Many inauthentic netsuke try to replicate the look of ivory which was one of the most used materials in Edo period production. Real aged netsuke should have an amber colour rather than being near white when new. Along the same lines real Japanese netsuke created using ivory or hardwoods have a weighty feel.
Don’t be fooled by signatures
With most antiques a signature is usually a good sign and represents a genuine find. However, many netsuke artists forwent signing their pieces back in the Edo period. In spite of this, fraudsters will often put fake signatures on their work in an attempt to sell its credibility. It’s not always the case, but a netsuke without a signature may be more likely authentic than a fake.
Devil is in the detail
Detail in authentic Japanese netsuke is absolutely everything. Clear well defined edges and features are the hallmark of a real netsuke. Anything that looks even a little sloppy can be almost guaranteed to be fake.
In truth, differentiating between real and inauthentic can sometimes be incredibly difficult. However, carefully checking off points like those above when observing netsuke may help in weeding out the good from the bad.
Where to buy Japanese netsuke UK
This then here is the big question; if you are looking to start collecting netsuke, where do you go to buy some?
There are in fact a number of places you can go to start your own collection depending on what you are after.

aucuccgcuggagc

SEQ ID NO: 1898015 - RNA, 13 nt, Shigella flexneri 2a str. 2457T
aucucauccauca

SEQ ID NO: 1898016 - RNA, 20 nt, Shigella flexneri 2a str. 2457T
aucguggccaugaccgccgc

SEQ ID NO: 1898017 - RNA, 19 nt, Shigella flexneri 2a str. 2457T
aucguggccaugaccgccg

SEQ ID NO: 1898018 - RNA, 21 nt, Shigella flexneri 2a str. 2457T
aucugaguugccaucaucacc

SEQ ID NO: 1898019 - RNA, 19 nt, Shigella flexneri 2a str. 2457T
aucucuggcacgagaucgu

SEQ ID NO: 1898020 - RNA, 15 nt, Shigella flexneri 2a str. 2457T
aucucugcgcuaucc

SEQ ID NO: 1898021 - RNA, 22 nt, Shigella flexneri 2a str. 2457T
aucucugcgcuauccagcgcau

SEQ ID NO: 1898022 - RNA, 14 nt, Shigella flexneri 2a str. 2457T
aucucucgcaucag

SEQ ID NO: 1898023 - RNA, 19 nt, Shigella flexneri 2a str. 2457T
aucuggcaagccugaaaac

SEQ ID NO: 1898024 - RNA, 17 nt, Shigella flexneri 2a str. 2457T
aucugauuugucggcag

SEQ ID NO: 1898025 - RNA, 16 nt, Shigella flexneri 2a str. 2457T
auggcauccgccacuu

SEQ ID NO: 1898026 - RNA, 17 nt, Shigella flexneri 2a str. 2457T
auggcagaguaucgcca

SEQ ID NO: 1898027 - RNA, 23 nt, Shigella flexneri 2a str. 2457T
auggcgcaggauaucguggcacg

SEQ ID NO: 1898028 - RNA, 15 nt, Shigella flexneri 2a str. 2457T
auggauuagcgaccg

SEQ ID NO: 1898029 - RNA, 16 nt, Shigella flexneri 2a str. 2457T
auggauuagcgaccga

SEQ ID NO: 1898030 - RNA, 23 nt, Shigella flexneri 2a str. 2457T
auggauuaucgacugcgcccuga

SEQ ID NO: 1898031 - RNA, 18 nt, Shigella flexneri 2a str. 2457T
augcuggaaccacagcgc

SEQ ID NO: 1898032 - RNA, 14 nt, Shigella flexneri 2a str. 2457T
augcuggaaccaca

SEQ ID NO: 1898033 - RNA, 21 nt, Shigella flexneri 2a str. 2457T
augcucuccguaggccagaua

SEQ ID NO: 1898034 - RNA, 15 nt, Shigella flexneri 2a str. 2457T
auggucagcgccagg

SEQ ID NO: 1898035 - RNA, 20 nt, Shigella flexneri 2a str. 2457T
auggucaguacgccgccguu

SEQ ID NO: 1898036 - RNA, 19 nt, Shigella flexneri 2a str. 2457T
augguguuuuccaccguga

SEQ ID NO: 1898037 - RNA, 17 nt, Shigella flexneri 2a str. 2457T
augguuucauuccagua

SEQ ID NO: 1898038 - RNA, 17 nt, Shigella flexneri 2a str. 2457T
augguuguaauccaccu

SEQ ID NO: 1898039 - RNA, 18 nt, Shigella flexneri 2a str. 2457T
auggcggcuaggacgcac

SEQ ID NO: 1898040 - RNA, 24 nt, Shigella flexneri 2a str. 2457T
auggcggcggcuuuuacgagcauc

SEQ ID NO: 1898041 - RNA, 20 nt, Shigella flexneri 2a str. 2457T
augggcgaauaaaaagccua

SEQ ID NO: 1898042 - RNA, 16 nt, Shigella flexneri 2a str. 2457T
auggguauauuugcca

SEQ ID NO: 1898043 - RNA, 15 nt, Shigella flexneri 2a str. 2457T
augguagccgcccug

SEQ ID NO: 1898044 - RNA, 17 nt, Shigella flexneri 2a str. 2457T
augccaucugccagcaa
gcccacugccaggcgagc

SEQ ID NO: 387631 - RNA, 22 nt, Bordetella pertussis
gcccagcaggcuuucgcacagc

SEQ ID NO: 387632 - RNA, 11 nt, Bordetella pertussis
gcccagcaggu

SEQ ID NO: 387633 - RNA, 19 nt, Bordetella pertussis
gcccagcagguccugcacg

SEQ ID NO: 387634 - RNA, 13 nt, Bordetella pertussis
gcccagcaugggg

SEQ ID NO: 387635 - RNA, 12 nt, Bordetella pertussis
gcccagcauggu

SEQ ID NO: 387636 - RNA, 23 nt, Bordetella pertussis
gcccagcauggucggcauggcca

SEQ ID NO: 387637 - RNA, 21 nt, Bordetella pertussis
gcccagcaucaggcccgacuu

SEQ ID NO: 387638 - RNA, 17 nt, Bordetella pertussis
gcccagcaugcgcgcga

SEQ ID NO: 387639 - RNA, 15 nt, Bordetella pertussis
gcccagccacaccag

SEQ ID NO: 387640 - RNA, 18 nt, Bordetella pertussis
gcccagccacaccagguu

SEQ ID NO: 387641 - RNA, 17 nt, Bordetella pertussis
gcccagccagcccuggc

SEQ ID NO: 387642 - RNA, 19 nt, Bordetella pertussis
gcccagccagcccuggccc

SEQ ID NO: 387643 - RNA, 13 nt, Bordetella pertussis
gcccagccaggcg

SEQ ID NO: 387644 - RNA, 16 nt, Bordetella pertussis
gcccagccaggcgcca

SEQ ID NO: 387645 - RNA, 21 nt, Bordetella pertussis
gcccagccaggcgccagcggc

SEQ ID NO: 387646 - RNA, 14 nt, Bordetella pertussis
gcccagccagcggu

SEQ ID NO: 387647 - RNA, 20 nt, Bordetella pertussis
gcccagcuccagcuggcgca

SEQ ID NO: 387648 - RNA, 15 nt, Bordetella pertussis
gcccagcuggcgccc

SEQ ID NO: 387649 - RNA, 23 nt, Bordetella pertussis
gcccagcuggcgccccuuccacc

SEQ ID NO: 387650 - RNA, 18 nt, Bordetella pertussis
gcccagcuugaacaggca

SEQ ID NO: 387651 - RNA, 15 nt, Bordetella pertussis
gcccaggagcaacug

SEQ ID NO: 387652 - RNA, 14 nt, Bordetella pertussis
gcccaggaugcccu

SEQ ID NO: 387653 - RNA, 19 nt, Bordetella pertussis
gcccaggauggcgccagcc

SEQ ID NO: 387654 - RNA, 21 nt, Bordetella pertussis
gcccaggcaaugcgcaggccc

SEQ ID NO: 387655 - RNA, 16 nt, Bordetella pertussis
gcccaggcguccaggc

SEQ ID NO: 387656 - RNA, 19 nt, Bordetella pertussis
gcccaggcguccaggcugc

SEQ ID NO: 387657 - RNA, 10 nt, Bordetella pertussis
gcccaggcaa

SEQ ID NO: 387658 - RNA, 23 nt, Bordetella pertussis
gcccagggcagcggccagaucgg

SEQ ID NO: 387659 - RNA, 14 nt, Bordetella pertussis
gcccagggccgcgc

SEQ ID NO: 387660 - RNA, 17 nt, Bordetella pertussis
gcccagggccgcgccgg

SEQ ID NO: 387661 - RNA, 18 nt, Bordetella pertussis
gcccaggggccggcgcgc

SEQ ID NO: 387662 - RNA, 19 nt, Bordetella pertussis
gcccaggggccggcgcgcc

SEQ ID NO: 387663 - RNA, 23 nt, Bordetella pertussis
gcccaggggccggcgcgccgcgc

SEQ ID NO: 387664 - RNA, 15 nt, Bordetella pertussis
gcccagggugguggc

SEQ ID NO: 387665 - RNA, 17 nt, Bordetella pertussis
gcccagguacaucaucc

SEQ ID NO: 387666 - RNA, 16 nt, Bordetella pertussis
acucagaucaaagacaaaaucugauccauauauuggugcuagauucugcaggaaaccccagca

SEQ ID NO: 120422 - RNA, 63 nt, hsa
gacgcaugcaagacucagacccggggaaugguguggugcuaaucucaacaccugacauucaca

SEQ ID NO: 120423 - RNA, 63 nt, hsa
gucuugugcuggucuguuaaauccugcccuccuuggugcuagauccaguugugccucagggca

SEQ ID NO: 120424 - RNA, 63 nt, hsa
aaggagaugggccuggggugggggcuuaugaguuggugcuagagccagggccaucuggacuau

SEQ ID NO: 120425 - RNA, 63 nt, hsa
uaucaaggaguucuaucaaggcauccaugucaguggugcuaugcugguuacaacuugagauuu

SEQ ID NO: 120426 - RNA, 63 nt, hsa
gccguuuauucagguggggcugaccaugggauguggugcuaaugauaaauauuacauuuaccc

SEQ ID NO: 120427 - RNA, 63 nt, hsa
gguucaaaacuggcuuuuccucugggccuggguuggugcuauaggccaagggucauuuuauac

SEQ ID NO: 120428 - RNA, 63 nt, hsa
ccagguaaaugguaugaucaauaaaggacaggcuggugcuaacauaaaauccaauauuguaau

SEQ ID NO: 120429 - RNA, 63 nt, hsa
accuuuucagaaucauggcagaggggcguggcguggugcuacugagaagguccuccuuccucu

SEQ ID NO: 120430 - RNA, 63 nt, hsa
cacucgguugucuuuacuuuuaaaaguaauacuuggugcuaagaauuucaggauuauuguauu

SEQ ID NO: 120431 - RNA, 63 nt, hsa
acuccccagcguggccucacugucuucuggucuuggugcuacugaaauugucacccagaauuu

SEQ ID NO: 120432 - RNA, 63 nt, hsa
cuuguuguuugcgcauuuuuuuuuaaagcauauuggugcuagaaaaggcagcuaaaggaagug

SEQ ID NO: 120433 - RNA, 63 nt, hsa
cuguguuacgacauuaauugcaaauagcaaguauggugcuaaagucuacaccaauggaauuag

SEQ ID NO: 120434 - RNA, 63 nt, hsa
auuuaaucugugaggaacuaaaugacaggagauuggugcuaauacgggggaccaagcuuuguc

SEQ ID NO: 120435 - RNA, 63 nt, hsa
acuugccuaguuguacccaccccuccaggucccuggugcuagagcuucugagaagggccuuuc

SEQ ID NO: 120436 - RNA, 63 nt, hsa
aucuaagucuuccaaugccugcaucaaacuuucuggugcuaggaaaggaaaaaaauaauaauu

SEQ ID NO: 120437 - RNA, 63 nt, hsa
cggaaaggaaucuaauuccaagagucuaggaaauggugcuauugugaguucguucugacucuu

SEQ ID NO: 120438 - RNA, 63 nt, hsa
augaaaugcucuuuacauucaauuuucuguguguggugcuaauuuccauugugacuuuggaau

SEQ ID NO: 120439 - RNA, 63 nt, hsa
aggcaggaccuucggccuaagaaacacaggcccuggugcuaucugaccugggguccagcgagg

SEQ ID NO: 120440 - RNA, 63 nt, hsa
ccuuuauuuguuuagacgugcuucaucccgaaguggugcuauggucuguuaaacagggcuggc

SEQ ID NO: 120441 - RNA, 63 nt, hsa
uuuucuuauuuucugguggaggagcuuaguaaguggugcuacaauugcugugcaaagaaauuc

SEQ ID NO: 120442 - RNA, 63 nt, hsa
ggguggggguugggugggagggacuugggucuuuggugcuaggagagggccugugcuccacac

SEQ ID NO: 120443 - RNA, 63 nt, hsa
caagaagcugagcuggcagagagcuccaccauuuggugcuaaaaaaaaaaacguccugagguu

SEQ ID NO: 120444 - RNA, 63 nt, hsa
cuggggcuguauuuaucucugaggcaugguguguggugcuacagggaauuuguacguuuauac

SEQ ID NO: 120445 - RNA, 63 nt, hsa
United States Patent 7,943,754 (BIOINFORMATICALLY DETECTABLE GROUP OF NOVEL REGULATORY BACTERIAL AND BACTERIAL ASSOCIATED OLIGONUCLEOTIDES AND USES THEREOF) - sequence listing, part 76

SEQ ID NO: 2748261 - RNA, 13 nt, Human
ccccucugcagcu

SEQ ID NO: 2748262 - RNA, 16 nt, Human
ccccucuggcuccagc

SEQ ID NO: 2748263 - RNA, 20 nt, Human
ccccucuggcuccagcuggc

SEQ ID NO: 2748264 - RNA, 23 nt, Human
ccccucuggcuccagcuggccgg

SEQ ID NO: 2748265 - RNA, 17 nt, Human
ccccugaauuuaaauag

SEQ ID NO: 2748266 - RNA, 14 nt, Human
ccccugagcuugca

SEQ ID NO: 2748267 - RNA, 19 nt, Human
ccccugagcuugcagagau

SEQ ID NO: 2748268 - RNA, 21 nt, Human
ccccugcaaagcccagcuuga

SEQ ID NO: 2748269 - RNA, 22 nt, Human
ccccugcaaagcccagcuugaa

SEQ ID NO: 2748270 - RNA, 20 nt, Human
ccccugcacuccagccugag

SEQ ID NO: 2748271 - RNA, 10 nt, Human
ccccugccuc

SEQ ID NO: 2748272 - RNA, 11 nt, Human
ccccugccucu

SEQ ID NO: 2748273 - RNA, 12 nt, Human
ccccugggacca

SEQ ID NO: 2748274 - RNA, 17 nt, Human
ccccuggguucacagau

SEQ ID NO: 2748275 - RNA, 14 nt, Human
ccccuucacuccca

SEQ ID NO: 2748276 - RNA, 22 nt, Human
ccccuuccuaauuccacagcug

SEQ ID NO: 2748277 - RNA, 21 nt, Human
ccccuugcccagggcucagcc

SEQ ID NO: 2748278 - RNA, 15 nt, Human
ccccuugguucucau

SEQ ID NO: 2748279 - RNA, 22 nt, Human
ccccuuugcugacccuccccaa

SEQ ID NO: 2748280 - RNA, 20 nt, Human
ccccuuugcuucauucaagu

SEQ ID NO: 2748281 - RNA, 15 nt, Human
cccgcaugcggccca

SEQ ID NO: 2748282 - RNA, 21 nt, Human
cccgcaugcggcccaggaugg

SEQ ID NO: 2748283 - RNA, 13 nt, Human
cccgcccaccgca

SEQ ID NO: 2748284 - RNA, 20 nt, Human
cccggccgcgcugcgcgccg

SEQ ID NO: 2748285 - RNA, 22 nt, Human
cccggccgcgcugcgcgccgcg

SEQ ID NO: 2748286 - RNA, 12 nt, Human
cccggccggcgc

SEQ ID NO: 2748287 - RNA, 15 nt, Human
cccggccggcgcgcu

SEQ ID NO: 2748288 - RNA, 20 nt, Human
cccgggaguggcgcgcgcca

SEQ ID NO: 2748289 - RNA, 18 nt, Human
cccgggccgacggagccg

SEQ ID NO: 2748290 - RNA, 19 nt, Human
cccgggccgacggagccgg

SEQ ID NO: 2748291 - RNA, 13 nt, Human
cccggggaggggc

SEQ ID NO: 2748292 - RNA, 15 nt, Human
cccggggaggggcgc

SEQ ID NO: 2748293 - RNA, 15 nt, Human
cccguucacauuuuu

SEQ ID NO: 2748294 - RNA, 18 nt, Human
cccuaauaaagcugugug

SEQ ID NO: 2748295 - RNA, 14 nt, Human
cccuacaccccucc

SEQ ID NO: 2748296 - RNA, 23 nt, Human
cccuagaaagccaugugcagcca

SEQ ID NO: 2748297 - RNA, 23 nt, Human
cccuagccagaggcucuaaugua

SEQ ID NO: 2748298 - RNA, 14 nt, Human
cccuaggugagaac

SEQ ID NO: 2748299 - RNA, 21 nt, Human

If you are looking for genuine antique netsuke in the UK, then there are a number of well-renowned antique dealers and auction houses that regularly sell them. Of course, the thing to bear in mind here is that prices can range from the hundreds into the thousands for such items. A couple of the best include:
There are also many smaller independent antique dealers specialising in netsuke such as:
As previously mentioned there are also modern artists and carvers creating their own netsuke. For example:
Lastly but not least, not all netsuke has to be expensive. If you like the concept and the design of Japanese netsuke but not so much the price, netsuke reproductions may be a good starting point.
Let me be very clear here. These will most likely be partly made by machine rather than fully handcrafted. However, they can offer a charming and inexpensive entry point into netsuke appreciation that have similar qualities to the real thing.
You can find examples of these in museum gift shops such as:
And some genuine sellers on sites such as Etsy. (I wouldn’t recommend paying much more than £40)
Japanese netsuke have come a long way since their conception. Where they once merely served as an improvised solution to men’s fashion woes, they are now admired, perhaps even revered, for their artistic qualities.
These antiques are something to be celebrated. They represent a level of ingenuity in purpose; a level of creativity in design; and a level of skill that surpassed what was necessary, but by doing so, created something spectacular.